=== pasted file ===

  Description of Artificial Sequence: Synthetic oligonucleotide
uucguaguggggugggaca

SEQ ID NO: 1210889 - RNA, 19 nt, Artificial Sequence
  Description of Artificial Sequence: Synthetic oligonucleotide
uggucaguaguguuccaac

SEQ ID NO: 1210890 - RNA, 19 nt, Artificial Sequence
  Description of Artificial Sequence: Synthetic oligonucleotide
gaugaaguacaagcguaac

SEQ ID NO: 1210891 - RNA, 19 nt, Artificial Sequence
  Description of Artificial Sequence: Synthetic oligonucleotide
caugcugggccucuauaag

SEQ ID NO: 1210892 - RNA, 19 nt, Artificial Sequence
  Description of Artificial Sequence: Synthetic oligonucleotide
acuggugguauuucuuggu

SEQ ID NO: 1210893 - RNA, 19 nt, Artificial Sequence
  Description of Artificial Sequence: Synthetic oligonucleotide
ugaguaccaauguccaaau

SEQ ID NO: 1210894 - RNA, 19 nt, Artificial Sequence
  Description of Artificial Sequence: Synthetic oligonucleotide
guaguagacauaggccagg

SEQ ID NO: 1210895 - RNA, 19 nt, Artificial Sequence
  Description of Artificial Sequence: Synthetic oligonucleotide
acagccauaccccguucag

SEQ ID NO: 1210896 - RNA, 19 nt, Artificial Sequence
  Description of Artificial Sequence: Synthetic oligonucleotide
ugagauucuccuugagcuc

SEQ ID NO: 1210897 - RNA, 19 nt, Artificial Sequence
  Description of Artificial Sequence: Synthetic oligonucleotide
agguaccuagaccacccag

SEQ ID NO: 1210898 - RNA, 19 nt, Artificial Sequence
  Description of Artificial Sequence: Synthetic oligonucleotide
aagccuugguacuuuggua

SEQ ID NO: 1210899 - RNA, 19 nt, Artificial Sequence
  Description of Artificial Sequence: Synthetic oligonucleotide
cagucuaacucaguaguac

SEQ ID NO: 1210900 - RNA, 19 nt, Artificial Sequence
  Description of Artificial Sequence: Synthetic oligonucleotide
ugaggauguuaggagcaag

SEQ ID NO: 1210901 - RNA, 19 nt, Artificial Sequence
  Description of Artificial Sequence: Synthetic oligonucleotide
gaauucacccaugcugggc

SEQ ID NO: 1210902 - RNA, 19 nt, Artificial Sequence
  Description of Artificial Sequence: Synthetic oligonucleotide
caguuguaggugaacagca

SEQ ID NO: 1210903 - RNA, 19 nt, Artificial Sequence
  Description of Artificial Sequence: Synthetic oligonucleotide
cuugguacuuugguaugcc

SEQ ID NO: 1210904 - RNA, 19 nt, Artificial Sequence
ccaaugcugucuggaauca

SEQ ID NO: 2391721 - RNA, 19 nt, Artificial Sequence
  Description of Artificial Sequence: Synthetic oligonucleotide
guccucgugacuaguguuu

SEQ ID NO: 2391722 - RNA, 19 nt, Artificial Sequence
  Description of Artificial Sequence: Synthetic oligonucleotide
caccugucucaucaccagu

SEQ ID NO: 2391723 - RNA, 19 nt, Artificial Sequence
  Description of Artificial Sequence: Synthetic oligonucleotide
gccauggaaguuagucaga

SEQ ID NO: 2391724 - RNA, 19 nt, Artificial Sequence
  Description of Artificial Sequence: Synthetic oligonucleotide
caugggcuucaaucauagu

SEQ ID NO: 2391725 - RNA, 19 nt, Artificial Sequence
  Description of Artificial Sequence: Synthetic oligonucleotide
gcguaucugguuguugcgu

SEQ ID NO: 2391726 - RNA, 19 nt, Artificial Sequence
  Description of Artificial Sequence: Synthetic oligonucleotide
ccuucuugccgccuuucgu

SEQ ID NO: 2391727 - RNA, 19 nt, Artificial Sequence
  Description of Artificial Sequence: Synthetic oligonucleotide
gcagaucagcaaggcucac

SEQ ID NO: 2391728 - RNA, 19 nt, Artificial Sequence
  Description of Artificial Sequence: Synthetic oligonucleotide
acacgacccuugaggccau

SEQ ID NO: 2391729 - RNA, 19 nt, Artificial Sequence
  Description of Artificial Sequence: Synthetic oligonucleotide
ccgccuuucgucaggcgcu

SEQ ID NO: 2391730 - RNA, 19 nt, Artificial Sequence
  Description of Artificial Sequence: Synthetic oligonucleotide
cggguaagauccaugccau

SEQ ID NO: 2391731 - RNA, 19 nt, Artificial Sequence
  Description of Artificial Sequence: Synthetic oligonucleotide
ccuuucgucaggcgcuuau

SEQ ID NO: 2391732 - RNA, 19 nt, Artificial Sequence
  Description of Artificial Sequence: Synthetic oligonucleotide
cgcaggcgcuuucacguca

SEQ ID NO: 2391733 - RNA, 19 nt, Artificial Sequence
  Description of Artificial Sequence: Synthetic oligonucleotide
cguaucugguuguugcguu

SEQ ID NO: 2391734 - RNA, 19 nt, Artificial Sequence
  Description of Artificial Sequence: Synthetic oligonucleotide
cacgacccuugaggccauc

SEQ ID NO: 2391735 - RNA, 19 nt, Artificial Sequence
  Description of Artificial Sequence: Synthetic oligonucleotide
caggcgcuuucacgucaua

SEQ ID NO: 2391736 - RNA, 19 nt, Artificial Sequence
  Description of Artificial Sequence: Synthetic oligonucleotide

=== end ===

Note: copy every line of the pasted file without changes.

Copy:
  Description of Artificial Sequence: Synthetic oligonucleotide
uucguaguggggugggaca

SEQ ID NO: 1210889 - RNA, 19 nt, Artificial Sequence
  Description of Artificial Sequence: Synthetic oligonucleotide
uggucaguaguguuccaac

SEQ ID NO: 1210890 - RNA, 19 nt, Artificial Sequence
  Description of Artificial Sequence: Synthetic oligonucleotide
gaugaaguacaagcguaac

SEQ ID NO: 1210891 - RNA, 19 nt, Artificial Sequence
  Description of Artificial Sequence: Synthetic oligonucleotide
caugcugggccucuauaag

SEQ ID NO: 1210892 - RNA, 19 nt, Artificial Sequence
  Description of Artificial Sequence: Synthetic oligonucleotide
acuggugguauuucuuggu

SEQ ID NO: 1210893 - RNA, 19 nt, Artificial Sequence
  Description of Artificial Sequence: Synthetic oligonucleotide
ugaguaccaauguccaaau

SEQ ID NO: 1210894 - RNA, 19 nt, Artificial Sequence
  Description of Artificial Sequence: Synthetic oligonucleotide
guaguagacauaggccagg

SEQ ID NO: 1210895 - RNA, 19 nt, Artificial Sequence
  Description of Artificial Sequence: Synthetic oligonucleotide
acagccauaccccguucag

SEQ ID NO: 1210896 - RNA, 19 nt, Artificial Sequence
  Description of Artificial Sequence: Synthetic oligonucleotide
ugagauucuccuugagcuc

SEQ ID NO: 1210897 - RNA, 19 nt, Artificial Sequence
  Description of Artificial Sequence: Synthetic oligonucleotide
agguaccuagaccacccag

SEQ ID NO: 1210898 - RNA, 19 nt, Artificial Sequence
  Description of Artificial Sequence: Synthetic oligonucleotide
aagccuugguacuuuggua

SEQ ID NO: 1210899 - RNA, 19 nt, Artificial Sequence
  Description of Artificial Sequence: Synthetic oligonucleotide
cagucuaacucaguaguac

SEQ ID NO: 1210900 - RNA, 19 nt, Artificial Sequence
  Description of Artificial Sequence: Synthetic oligonucleotide
ugaggauguuaggagcaag

SEQ ID NO: 1210901 - RNA, 19 nt, Artificial Sequence
  Description of Artificial Sequence: Synthetic oligonucleotide
gaauucacccaugcugggc

SEQ ID NO: 1210902 - RNA, 19 nt, Artificial Sequence
  Description of Artificial Sequence: Synthetic oligonucleotide
caguuguaggugaacagca

SEQ ID NO: 1210903 - RNA, 19 nt, Artificial Sequence
  Description of Artificial Sequence: Synthetic oligonucleotide
cuugguacuuugguaugcc

SEQ ID NO: 1210904 - RNA, 19 nt, Artificial Sequence
ccaaugcugucuggaauca

SEQ ID NO: 2391721 - RNA, 19 nt, Artificial Sequence
  Description of Artificial Sequence: Synthetic oligonucleotide
guccucgugacuaguguuu

SEQ ID NO: 2391722 - RNA, 19 nt, Artificial Sequence
  Description of Artificial Sequence: Synthetic oligonucleotide
caccugucucaucaccagu

SEQ ID NO: 2391723 - RNA, 19 nt, Artificial Sequence
  Description of Artificial Sequence: Synthetic oligonucleotide
gccauggaaguuagucaga

SEQ ID NO: 2391724 - RNA, 19 nt, Artificial Sequence
  Description of Artificial Sequence: Synthetic oligonucleotide
caugggcuucaaucauagu

SEQ ID NO: 2391725 - RNA, 19 nt, Artificial Sequence
  Description of Artificial Sequence: Synthetic oligonucleotide
gcguaucugguuguugcgu

SEQ ID NO: 2391726 - RNA, 19 nt, Artificial Sequence
  Description of Artificial Sequence: Synthetic oligonucleotide
ccuucuugccgccuuucgu

SEQ ID NO: 2391727 - RNA, 19 nt, Artificial Sequence
  Description of Artificial Sequence: Synthetic oligonucleotide
gcagaucagcaaggcucac

SEQ ID NO: 2391728 - RNA, 19 nt, Artificial Sequence
  Description of Artificial Sequence: Synthetic oligonucleotide
acacgacccuugaggccau

SEQ ID NO: 2391729 - RNA, 19 nt, Artificial Sequence
  Description of Artificial Sequence: Synthetic oligonucleotide
ccgccuuucgucaggcgcu

SEQ ID NO: 2391730 - RNA, 19 nt, Artificial Sequence
  Description of Artificial Sequence: Synthetic oligonucleotide
cggguaagauccaugccau

SEQ ID NO: 2391731 - RNA, 19 nt, Artificial Sequence
  Description of Artificial Sequence: Synthetic oligonucleotide
ccuuucgucaggcgcuuau

SEQ ID NO: 2391732 - RNA, 19 nt, Artificial Sequence
  Description of Artificial Sequence: Synthetic oligonucleotide
cgcaggcgcuuucacguca

SEQ ID NO: 2391733 - RNA, 19 nt, Artificial Sequence
  Description of Artificial Sequence: Synthetic oligonucleotide
cguaucugguuguugcguu

SEQ ID NO: 2391734 - RNA, 19 nt, Artificial Sequence
  Description of Artificial Sequence: Synthetic oligonucleotide
cacgacccuugaggccauc

SEQ ID NO: 2391735 - RNA, 19 nt, Artificial Sequence
  Description of Artificial Sequence: Synthetic oligonucleotide
caggcgcuuucacgucaua

SEQ ID NO: 2391736 - RNA, 19 nt, Artificial Sequence
  Description of Artificial Sequence: Synthetic oligonucleotide